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Rediff.com  » News » No Taliban leaders in Pakistan: Musharraf

No Taliban leaders in Pakistan: Musharraf

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September 26, 2006 12:32 IST
The war of words between the Pakistan President and his Afghan counterpart on Taliban militants continued with Pervez Musharraf terming as "ridiculous" Hamid Karzai's contention that Islamabad harbours Taliban leaders.

Musharraf says they are in Kandahar and Karzai needs to take care of them but Karzai claims they are on the Pakistani side and Musharraf needs to do more to fight them.

"As soon as President Karzai understands his own country, the easier it will be for him," Musharraf said while promoting his book In the Line of Fire at a function organized by the Council of Foreign Relations here.

But the Pakistani leader also said that he believes Karzai is the right person to lead Afghanistan.

This is second time in a week that the two leaders, who are close to Washington and claim to be leading states in the frontline of fight against terrorism, have exchanged harsh words on which country needs to do more to fight Taliban and where exactly they have the bases.

The latest spat came hours before the two leaders are to meet with American President George Bush in a trilateral meeting in Washington.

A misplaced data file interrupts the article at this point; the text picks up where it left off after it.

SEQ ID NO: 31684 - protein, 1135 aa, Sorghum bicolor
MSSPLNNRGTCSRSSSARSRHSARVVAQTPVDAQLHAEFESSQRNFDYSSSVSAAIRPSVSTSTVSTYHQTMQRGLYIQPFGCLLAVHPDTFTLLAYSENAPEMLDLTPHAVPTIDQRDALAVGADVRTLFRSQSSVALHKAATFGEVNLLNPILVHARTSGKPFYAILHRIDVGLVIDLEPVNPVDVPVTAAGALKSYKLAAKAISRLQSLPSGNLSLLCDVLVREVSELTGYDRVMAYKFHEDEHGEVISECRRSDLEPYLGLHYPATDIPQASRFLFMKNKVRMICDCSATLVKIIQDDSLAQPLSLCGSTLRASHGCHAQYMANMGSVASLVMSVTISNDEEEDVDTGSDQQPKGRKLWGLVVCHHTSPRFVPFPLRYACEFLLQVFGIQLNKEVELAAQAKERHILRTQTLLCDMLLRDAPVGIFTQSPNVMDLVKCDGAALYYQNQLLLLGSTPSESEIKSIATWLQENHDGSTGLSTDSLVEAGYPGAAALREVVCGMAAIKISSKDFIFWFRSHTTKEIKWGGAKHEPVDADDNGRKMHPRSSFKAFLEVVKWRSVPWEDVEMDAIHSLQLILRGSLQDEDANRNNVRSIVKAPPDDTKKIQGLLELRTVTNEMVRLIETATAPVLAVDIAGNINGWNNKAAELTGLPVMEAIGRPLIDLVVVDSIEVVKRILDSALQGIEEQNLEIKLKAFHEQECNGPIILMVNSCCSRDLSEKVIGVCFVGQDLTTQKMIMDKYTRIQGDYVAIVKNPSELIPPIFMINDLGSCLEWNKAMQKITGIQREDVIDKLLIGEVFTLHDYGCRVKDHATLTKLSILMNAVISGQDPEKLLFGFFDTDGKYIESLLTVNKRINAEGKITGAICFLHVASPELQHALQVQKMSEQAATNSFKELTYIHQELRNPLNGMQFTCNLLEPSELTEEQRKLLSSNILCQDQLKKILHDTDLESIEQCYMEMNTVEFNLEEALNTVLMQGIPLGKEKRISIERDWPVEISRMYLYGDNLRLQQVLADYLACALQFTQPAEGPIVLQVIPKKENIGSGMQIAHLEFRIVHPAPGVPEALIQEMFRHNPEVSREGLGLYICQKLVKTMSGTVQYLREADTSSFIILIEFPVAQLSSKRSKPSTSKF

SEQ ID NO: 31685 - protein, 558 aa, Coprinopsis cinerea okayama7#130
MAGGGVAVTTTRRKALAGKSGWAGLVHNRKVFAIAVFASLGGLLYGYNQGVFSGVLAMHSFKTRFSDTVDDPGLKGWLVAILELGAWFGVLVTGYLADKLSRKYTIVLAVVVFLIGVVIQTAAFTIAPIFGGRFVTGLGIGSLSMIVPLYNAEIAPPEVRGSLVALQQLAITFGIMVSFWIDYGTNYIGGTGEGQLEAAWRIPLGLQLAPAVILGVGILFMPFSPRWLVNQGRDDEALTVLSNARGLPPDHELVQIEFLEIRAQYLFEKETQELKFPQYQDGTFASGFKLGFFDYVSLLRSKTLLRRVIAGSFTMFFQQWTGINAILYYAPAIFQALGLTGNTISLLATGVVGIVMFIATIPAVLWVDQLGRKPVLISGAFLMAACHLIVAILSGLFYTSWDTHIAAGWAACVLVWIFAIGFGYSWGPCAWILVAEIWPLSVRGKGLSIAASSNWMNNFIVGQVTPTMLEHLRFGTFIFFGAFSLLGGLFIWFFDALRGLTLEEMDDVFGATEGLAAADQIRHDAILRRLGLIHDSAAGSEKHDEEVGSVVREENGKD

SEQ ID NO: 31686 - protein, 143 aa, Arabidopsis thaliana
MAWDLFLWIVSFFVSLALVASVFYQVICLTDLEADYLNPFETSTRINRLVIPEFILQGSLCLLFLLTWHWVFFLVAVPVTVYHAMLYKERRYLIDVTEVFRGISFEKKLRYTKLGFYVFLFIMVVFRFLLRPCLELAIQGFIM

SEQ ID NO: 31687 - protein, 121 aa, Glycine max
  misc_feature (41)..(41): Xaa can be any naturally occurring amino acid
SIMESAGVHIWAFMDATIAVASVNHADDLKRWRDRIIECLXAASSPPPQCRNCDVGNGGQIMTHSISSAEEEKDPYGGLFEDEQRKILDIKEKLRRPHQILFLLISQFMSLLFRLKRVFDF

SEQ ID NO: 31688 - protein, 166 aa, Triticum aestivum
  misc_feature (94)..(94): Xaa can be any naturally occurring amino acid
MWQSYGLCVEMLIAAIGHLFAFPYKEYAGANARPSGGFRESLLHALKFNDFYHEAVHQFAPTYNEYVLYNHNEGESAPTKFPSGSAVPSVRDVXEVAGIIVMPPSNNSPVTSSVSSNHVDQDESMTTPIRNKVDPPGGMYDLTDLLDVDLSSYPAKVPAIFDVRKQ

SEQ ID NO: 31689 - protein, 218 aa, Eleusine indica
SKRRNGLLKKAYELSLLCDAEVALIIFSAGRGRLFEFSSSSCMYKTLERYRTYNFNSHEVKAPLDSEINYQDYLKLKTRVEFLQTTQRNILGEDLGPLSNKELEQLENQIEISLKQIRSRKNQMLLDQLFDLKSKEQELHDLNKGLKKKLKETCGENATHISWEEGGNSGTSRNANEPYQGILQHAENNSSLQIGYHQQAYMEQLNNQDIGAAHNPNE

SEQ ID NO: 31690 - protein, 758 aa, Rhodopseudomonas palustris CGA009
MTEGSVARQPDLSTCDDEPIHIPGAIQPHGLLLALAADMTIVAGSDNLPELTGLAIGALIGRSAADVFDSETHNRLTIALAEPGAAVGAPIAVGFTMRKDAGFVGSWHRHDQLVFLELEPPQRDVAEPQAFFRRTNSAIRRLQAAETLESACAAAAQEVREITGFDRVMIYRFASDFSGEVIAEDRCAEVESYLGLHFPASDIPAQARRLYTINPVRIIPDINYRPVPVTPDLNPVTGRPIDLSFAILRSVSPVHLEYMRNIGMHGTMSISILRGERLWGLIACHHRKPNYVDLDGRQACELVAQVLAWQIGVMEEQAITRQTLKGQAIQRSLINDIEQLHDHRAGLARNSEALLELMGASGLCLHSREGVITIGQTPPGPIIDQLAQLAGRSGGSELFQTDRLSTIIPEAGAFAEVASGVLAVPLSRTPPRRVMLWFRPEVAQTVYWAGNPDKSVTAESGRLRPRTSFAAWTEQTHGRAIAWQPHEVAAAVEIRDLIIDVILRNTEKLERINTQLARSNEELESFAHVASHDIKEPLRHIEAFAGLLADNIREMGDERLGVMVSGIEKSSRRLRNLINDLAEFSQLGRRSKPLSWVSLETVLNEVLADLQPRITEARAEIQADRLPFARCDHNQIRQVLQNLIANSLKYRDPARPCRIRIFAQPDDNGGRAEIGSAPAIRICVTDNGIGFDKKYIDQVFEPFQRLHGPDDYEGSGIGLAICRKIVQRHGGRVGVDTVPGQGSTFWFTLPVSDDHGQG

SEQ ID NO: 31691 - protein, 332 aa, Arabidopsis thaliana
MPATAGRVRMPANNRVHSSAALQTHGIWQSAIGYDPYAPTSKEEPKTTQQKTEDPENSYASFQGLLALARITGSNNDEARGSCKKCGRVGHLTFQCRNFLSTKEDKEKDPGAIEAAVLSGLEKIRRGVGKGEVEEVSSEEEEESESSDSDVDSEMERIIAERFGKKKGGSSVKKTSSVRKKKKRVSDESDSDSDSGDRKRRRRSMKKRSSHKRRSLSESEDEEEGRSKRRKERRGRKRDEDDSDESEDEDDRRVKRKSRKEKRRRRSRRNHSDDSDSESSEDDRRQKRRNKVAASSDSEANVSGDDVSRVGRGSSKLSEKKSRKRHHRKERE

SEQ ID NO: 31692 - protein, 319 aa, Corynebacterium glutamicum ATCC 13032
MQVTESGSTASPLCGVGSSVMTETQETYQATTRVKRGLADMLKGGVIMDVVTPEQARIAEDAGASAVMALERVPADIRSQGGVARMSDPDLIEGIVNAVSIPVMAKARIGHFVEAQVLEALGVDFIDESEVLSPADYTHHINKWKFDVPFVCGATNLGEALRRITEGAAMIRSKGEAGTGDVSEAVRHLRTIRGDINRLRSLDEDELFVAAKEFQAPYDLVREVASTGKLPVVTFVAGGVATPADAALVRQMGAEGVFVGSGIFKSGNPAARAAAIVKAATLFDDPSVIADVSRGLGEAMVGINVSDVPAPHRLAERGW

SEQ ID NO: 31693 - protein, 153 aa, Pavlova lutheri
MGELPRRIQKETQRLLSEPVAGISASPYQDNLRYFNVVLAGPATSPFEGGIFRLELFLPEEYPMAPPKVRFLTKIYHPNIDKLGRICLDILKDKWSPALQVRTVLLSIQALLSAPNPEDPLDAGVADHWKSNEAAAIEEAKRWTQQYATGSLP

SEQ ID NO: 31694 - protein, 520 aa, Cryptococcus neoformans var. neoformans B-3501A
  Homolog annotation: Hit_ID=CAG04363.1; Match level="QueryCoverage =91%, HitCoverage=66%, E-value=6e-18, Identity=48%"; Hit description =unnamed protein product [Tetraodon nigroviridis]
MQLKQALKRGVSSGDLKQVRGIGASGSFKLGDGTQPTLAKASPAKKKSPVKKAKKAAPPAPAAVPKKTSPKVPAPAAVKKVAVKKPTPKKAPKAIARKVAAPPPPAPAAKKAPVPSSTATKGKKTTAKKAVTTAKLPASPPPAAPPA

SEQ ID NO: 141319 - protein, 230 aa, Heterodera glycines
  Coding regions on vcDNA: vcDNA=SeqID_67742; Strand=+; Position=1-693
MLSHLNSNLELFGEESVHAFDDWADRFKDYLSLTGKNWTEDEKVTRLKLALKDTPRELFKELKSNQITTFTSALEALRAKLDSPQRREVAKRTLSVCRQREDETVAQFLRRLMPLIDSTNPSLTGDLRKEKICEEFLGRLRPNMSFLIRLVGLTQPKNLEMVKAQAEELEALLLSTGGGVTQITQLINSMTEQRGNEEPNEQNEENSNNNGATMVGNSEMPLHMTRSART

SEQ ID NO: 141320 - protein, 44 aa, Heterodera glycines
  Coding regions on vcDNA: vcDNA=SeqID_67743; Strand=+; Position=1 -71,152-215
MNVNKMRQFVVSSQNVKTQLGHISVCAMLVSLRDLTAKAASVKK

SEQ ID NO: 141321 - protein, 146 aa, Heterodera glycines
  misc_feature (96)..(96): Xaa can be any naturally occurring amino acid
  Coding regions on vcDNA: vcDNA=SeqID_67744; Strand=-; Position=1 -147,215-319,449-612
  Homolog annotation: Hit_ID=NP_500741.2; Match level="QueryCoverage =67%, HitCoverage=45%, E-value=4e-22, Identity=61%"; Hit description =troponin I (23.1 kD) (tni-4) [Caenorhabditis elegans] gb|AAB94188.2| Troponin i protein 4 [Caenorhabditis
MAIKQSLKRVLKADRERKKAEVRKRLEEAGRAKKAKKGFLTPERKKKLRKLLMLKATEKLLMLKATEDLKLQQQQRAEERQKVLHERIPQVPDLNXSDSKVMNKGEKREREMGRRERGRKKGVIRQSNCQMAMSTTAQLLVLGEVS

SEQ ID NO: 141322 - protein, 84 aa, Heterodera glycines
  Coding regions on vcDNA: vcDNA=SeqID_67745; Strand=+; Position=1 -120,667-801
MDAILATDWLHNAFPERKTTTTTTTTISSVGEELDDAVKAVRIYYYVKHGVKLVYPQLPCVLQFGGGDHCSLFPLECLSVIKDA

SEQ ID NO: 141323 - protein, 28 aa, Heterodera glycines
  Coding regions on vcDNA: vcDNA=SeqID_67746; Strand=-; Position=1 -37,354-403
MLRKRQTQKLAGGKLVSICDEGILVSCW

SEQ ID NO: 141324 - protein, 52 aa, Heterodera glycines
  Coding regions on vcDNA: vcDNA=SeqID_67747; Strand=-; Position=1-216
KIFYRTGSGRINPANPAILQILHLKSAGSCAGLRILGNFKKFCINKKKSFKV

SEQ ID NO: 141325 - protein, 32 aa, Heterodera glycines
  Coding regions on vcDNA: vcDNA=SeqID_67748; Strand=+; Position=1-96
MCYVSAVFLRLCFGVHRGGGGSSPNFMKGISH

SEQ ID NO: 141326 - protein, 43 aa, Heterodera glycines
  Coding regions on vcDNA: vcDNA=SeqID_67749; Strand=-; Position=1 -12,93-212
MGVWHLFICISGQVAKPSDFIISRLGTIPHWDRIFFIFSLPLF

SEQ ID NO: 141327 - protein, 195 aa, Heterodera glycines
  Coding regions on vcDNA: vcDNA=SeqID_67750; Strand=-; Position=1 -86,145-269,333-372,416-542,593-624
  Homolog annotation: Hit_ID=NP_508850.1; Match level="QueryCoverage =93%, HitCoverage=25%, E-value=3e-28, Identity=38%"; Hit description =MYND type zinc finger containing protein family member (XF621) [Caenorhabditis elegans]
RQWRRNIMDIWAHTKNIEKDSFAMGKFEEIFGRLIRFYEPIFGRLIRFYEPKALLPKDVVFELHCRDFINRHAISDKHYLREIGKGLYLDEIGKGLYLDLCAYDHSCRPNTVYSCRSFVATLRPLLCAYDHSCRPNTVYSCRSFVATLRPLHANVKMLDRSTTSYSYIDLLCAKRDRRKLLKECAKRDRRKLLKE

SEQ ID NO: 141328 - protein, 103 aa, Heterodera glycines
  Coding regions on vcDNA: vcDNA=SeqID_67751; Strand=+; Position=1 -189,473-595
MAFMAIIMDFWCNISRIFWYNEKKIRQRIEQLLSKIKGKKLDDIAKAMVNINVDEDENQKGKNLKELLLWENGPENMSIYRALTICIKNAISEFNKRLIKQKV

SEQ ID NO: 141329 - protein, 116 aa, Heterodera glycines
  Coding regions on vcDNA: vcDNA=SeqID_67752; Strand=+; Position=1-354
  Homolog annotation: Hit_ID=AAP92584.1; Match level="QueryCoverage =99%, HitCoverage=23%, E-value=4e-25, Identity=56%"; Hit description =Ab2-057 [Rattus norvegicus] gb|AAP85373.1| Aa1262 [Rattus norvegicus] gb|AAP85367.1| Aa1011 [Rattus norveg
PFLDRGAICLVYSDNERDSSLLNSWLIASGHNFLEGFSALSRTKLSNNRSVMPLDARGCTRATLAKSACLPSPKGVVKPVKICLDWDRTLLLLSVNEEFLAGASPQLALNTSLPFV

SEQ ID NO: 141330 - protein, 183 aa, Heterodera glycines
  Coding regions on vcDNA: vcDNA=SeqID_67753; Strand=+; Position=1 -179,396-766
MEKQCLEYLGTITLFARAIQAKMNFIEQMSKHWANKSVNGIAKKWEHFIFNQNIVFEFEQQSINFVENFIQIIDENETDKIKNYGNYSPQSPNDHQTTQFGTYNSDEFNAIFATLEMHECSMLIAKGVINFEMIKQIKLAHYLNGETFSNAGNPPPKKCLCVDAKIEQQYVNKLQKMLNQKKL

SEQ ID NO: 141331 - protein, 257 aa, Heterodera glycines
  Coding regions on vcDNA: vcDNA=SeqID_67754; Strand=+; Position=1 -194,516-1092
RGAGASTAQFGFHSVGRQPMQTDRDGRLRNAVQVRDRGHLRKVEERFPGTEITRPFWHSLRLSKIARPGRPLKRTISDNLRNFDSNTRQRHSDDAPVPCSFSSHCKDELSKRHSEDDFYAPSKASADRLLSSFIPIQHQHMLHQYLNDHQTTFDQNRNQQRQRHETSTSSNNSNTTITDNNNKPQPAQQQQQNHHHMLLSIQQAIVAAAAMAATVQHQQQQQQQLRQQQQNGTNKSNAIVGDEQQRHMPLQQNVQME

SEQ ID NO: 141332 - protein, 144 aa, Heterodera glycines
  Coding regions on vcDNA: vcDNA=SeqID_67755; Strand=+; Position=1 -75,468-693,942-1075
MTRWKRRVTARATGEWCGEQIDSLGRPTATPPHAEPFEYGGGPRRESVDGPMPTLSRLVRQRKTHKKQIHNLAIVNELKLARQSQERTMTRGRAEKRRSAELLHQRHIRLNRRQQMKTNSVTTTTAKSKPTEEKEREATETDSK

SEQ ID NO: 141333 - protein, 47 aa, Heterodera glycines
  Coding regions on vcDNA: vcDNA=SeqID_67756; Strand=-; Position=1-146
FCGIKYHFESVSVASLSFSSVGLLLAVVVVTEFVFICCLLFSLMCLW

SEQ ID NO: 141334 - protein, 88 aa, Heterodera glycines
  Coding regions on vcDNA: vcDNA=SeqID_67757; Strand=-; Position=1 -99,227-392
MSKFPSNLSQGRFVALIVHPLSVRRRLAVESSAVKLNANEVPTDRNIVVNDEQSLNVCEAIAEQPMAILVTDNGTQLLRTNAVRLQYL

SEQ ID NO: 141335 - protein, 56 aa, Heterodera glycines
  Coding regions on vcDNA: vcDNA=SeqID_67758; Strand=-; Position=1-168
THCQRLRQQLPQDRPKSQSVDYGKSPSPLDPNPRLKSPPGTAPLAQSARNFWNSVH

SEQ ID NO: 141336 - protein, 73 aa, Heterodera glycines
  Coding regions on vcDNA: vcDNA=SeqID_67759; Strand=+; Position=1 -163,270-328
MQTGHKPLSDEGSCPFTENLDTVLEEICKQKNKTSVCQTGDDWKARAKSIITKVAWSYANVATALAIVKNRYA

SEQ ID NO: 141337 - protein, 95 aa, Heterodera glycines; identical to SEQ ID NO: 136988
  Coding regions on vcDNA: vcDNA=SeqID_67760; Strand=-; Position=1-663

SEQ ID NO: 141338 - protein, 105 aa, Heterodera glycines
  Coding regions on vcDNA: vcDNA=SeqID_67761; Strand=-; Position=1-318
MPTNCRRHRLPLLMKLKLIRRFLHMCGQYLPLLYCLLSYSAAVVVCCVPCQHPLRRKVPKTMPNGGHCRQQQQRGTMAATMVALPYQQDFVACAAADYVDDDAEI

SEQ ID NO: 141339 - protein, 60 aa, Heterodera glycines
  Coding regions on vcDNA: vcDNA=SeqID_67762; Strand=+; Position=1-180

Musharraf also demanded that coalition fighting Taliban help spread economic development in Pashtun areas to wean them away from the Taliban and ensure that they do not join them.

At the United Nations, while Karzai had said that his country is victim of terrorists who find shelter in Pakistan, Musharraf contended that they are in Afghanistan and Pakistan is the victim.

Musharraf repeated what he had said several times during his current visit that Taliban leader Mullah Mohammad Omar is in Kandahar region of Afghanistan and had not set foot on Pakistani soil since 1955 and rejects the Afghan leader's contention that Omar is in Quetta in western Pakistan.

"This the most ridiculous statement," he said and challenged anyone to prove it.

In his book, Musharraf said he had written the memoirs against the advice of his advisers, and that he was criticized for being forthright and overly candid.

More reports from: Pakistan | Afghanistan

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